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Re: New 'Public Domain' Licence

On Wednesday 08 June 2005 11:56 am, Michael K. Edwards wrote:
> (a) Conditions for Termination. — In the case of any work other than a
> work made for hire, the exclusive or nonexclusive grant of a transfer
> or license of copyright or of any right under a copyright, executed by
> the author on or after January 1, 1978, otherwise than by will, is
> subject to termination under the following conditions:

This section is not referring to transferring termination rights by will, it 
is referring to copyright assignment by will.

So, if I assign you my copyright in FOO via a will, then the assignment is not 
subject to termination.  However, it doesn't say anything about transferring 
the termination right by will.  So, if our intrepid Public Domainers really 
want to avoid having their heirs terminating licenses, they should assign all 
of their copyrights to the ether, and then arrange for their immediate death.  
Of course, I don't really think that will work under the law of wills...  nor 
could you forever GPL your work via a will, because the GPL does not assign 
the copyright.  Absent a clear assignment, your copyright will transfer via 
intestancy and end up in the hands of your heirs...  because someone's got to 
think of the children!

> See that "otherwise than by will" part?  The termination right is not
> assignable through a will, but a transfer by will is not terminable.
> > > ....  Unless, of course, that person goes to the trouble of
> > > setting up a corporate shell and handling the accounting properly to
> > > substantiate a claim that his or her work was "made for hire" to begin
> > > with.
> [snip]
> > > Current US law does not permit a 32-year-old man to make a promise of
> > > eternal copyright license (with respect to a work not made for hire)
> > > binding on his 69-year-old future self.  This is generally held to be
> > > a liberty granted to independent authors and artists (and their heirs)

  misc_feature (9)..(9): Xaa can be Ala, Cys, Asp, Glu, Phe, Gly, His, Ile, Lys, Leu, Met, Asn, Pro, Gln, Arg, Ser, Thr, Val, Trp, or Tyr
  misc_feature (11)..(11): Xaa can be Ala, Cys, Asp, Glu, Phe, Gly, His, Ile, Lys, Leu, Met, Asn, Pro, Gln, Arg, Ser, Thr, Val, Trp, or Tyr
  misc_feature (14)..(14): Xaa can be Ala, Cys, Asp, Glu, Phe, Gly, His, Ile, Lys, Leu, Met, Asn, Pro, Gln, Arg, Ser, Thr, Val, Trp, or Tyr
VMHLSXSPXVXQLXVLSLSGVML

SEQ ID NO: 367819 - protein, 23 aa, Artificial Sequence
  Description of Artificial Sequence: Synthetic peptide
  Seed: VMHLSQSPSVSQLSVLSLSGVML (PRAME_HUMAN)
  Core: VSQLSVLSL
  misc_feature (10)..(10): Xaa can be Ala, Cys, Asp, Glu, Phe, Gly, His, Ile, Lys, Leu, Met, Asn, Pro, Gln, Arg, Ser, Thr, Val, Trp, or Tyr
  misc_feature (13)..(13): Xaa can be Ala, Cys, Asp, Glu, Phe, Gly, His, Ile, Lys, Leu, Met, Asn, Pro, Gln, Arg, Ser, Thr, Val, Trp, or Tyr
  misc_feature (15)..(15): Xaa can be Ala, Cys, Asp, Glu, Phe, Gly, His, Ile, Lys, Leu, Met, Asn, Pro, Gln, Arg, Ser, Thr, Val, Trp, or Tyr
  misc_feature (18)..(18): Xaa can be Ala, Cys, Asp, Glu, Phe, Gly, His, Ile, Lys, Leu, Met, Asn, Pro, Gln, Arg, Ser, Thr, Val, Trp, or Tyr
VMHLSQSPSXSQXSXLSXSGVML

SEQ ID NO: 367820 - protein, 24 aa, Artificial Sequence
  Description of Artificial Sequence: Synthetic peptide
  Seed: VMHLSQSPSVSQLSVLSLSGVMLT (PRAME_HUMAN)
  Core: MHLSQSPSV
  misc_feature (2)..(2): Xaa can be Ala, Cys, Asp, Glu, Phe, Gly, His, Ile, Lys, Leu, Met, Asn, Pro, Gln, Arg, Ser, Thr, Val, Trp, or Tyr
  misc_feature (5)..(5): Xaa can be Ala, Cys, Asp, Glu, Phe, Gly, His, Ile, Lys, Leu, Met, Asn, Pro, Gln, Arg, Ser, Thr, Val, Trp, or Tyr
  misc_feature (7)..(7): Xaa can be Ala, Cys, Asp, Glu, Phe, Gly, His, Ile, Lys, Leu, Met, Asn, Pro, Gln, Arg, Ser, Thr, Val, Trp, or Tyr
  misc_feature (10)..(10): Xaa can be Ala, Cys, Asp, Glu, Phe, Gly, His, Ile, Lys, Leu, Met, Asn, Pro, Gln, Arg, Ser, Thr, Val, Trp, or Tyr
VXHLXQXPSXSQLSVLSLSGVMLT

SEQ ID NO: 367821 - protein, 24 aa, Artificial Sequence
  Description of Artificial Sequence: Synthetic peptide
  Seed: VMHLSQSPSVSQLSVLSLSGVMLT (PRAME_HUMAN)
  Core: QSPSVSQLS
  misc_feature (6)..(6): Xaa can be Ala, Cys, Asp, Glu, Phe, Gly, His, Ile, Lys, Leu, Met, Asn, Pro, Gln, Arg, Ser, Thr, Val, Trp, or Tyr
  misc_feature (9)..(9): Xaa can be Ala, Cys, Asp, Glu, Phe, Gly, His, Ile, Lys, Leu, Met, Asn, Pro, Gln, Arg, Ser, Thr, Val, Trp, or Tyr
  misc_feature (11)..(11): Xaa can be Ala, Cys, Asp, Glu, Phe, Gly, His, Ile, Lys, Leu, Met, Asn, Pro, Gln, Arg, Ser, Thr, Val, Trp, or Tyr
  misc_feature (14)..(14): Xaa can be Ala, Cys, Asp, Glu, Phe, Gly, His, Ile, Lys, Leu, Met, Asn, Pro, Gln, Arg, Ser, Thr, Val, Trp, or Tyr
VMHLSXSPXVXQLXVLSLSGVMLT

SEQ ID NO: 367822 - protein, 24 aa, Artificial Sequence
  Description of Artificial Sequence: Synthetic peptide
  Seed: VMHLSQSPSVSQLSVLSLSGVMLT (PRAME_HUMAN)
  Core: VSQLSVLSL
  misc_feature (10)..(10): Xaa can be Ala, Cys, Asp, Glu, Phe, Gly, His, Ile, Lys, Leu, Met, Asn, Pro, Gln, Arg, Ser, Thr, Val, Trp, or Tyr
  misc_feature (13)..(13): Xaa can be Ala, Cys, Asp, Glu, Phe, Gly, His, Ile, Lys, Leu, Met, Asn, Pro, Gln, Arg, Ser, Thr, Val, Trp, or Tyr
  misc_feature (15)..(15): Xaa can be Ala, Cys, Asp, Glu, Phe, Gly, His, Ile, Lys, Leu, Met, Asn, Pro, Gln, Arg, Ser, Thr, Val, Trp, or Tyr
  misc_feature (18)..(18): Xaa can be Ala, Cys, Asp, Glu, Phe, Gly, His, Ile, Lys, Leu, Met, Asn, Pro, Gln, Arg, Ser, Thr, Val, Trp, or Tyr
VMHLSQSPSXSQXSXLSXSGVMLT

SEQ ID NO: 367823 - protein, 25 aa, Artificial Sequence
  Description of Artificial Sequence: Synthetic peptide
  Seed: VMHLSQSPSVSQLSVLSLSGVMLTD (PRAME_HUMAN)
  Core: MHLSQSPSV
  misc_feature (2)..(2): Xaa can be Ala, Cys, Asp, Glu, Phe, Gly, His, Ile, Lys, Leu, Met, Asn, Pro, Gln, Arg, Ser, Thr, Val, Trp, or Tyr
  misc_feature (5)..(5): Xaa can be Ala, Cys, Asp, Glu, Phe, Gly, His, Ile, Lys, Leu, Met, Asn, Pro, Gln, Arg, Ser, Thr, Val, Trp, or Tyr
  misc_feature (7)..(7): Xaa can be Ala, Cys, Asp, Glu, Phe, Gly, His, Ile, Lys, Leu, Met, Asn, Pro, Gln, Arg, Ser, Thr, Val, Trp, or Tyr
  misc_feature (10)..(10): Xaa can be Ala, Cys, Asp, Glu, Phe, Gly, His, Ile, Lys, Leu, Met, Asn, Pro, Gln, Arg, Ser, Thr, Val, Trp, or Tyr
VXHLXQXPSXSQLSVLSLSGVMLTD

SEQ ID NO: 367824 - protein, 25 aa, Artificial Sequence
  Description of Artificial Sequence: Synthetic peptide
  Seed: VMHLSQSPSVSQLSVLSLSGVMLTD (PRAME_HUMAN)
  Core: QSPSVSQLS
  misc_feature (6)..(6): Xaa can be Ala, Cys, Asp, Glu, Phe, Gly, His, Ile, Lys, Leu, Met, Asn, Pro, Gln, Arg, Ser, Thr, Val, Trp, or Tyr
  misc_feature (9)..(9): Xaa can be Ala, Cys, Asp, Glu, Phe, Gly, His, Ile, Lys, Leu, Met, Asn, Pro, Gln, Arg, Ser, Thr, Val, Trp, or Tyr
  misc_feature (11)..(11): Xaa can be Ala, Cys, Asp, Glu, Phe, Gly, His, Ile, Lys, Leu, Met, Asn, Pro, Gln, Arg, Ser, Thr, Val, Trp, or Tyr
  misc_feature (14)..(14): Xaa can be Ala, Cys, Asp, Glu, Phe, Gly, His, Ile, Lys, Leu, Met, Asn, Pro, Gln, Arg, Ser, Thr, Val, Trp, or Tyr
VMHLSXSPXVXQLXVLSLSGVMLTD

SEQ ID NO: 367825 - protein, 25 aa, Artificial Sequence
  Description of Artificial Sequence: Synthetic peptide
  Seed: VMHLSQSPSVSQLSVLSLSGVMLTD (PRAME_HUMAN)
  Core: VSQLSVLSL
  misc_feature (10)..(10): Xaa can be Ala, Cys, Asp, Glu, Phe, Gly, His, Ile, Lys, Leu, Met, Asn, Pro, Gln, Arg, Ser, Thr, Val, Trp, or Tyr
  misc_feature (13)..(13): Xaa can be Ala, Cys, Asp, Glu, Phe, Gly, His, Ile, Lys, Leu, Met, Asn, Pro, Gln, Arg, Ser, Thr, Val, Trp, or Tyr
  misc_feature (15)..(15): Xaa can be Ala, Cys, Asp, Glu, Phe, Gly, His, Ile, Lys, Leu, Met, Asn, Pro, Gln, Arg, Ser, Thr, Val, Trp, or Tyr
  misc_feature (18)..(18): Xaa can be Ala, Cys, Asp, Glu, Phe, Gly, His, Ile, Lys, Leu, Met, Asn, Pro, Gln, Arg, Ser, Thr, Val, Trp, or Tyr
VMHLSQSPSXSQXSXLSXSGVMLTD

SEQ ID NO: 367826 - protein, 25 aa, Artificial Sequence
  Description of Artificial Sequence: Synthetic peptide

> > > in recognition of both their courage and their improvidence.  It is
> > > quite futile to protest this feature of the law, as it dates from 1978
> > > and is easily circumvented (if you really want to) with a little
> > > planning and competent legal advice.
> >
> > Yeah, don't know what you mean here...  I can't see how any amount of
> > legal planning is going to avoid future-selves/heirs from exercising
> > their termination rights.
> Work-made-for-hire exception.  AIUI, that's how the pros in Hollywood
> work around it -- anyone whose contribution to a film rises to the
> level of "authorship" (especially screenplay writers) and hasn't
> already been completed is expected to "work for hire" within a
> corporate shell.  I don't know how they approach adaptations of novels
> in which the copyright was originally held personally -- ask
> Christopher Tolkien, maybe.

Yeah, maybe...  but the work-for-hire doctrine is tricky business.  You can't 
just declare something a work-for-hire, it is dependent on behavior.  I find 
it difficult to accept that most screenplays are done as a work-for-hire, 
because (if I understand the industry) the author pitches a screenplay to the 
production house.  Unless the screenplay writer is drawing a regular salary, 
working in house, and under the direction of the production house, it is 
unlikely to be considered a work-for-hire.

> It's always nice to have genuinely knowledgeable people (which I am
> not) in the discussion.  :-)  You may be right about the "utilize"
> language in 17 USC 203 (b) (1); I ought to track down the full House
> Report.

Woah, someone saying someone else might be right on Debian-Legal!!!  I am 
shocking, amazed, and completely humbled.


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